An unprecedented attack last week on pharmaceutical prices by the National Institute for Health and Clinical Excellence chairman Michael Rawlins, signals a controversial new role for the UK health watchdog in the forthcoming overhaul of drugs pricing, experts say.

Prof Rawlins’ comments were in part prompted by the fierce criticism NICE received for failing to approve a batch of new kidney cancer treatments. Some observers said however, that such an outspoken attack was prompted by other motives.

Joe Collier, an emeritus professor of medicines policy at St George's, University of London, said that Prof Rawlins was "jockeying for a central role in price negotiation" in the forthcoming overhaul of the Pharmaceutical Price Regulation Scheme.

Tony Harrison, a senior fellow at the King's Fund, said: "This would be a big step-up for NICE. But people I've spoken to have heard Rawlins making these kind of comments in private before." The speculation was given credence by comments made by the Association of the British Pharmaceutical Industry. Richard Barker, the group's director general, told the British Medical Journal: "NICE was not created to set medicine prices – nor indeed to drive them down, as NICE's chairman now seems to see as his mission."

For decades the PPRS had guaranteed drugs companies profit margins on each product. Following severe criticism from the Office of Fair Trading last year, the government pledged to scrap the arrangement.

Final details of the deal are supposed to released by the DoH within the next month or so, though negotiations are still thought to be on going and a Department spokesman would not give a precise date for their release.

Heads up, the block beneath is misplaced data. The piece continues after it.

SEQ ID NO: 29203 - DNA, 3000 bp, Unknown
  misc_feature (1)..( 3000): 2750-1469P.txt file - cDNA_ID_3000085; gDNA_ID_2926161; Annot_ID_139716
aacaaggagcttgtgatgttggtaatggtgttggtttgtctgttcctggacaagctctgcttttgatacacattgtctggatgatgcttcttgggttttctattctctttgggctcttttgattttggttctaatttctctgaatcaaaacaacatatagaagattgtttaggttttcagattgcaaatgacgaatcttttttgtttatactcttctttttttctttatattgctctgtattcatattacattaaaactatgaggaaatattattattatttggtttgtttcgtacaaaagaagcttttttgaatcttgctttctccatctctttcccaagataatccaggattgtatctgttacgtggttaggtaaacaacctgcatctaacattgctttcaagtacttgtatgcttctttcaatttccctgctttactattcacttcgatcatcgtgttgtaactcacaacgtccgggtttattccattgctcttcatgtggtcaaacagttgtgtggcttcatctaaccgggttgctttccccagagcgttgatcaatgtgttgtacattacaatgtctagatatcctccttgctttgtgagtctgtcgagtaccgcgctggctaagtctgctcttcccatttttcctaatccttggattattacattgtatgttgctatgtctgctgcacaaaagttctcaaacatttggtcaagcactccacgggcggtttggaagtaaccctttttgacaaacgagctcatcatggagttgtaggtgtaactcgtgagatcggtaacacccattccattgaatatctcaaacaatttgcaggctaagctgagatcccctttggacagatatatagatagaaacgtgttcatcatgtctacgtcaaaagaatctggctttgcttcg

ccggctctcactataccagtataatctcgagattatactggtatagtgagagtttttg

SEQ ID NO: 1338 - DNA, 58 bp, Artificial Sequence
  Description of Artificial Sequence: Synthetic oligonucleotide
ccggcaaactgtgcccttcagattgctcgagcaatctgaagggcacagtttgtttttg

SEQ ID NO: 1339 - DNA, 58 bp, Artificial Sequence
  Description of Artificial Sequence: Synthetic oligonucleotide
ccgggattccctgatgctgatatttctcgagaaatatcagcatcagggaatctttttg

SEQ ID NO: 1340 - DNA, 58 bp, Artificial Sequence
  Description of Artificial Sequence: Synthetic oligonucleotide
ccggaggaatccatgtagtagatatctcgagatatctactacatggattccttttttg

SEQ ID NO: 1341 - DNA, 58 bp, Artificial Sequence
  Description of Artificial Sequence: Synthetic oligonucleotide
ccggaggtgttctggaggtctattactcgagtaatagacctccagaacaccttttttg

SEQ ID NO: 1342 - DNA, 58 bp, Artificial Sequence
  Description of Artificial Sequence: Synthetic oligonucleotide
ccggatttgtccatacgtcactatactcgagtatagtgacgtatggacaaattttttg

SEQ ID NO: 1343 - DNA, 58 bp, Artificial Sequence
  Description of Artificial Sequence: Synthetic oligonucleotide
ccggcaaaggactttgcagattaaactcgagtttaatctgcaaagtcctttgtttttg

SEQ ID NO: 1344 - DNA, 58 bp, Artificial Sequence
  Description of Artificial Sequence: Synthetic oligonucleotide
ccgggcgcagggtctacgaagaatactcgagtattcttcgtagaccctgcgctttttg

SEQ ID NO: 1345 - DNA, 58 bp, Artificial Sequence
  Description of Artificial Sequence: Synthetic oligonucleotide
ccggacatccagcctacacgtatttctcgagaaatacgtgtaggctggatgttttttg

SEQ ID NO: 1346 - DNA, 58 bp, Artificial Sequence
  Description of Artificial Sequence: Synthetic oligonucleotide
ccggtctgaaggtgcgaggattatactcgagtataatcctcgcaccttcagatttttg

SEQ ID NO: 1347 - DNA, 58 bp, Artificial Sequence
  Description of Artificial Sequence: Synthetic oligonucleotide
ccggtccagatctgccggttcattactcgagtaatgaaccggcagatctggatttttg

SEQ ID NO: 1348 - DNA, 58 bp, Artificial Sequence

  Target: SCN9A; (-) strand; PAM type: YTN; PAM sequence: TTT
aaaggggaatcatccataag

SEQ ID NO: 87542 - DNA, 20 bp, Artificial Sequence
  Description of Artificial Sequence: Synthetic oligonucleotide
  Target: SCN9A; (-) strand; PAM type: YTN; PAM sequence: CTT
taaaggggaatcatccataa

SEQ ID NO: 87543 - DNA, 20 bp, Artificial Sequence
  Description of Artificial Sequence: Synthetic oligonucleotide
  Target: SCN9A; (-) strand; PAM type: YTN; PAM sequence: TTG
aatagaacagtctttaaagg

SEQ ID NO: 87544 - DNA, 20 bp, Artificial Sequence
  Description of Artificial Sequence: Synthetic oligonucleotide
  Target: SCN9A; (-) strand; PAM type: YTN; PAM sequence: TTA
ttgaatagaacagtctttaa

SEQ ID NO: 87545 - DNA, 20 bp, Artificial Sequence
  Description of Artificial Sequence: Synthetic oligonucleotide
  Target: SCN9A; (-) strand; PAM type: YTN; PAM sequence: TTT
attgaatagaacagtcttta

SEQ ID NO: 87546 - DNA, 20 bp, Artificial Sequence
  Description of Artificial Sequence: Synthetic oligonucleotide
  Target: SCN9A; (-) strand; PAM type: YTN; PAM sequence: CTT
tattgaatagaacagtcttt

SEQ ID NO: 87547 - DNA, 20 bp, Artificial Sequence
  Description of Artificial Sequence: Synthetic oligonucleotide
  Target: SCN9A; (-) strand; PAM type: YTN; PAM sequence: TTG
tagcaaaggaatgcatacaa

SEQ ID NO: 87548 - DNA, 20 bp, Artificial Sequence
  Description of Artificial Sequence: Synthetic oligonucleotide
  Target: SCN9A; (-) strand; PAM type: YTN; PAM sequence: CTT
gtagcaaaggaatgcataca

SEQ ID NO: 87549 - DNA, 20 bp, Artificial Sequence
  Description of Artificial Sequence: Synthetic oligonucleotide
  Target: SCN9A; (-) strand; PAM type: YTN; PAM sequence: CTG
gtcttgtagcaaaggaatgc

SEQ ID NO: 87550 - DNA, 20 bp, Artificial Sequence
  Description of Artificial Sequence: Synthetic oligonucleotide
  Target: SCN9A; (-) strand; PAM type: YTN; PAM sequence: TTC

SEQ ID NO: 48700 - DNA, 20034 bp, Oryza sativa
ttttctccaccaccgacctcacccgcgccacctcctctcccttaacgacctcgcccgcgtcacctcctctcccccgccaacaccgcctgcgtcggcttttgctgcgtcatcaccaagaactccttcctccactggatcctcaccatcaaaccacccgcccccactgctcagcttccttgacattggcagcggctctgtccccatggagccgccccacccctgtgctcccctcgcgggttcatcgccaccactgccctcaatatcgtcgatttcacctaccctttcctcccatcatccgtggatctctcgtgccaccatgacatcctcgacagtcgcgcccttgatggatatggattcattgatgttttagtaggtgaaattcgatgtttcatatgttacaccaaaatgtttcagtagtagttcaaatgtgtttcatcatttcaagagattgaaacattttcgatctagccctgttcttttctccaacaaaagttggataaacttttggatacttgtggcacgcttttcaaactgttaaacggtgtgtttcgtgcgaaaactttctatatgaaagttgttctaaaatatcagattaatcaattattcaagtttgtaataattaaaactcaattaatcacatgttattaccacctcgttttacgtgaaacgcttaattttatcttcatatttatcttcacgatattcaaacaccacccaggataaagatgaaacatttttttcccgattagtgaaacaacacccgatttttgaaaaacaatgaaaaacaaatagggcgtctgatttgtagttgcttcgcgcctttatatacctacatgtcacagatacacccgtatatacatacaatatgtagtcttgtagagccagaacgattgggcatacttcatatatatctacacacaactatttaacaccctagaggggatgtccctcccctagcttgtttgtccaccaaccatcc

Mr Harrison said however, that the interim PPRS agreement, which appeared on the Department of Health website on August 13, already indicated that value for money was being given greater priority. In section 12.7 it states that in deciding on the cost of drugs to the NHS, the government would take into account the "forecast sales and the effect on the NHS drugs bill and "the clinical need for the product". "This itself is extremely significant," said Harrison.

Mr Collier said, however, that the interim report still appeared to allow industry to set prices. He predicted the new deal, to begin in January, would be more radical. Previously, the Commons Health Select Committee has called on NICE to have a central role in negotiating prices.

Collier thinks NICE may have already been assigned a major role in the new arrangement, possibly as a key adviser to government officials before they begin negotiating the price of a product. "NICE is beginning to flex its muscles. There will be regulation on prices; NICE will be involved in it and prices will go down," he said.

He said involving NICE would make sense. "They're the people who are probably best placed to say how much the drugs should cost."

He added that such an arrangement would "not be all bad for the industry". "If NICE gets involved in pricing as soon a drug is launched, then, at least the company will be able to start selling the product straight away if a price is agreed."

Dr Barker said, however: "NICE's role, critical for the NHS, is to value medicines – but the recent decisions on kidney cancer confirm that we need to re-examine how they define value. We need less soulless arithmetic and more clinical judgment."

A spokesman for NICE would not comment on what role, if any, it would have in drugs pricing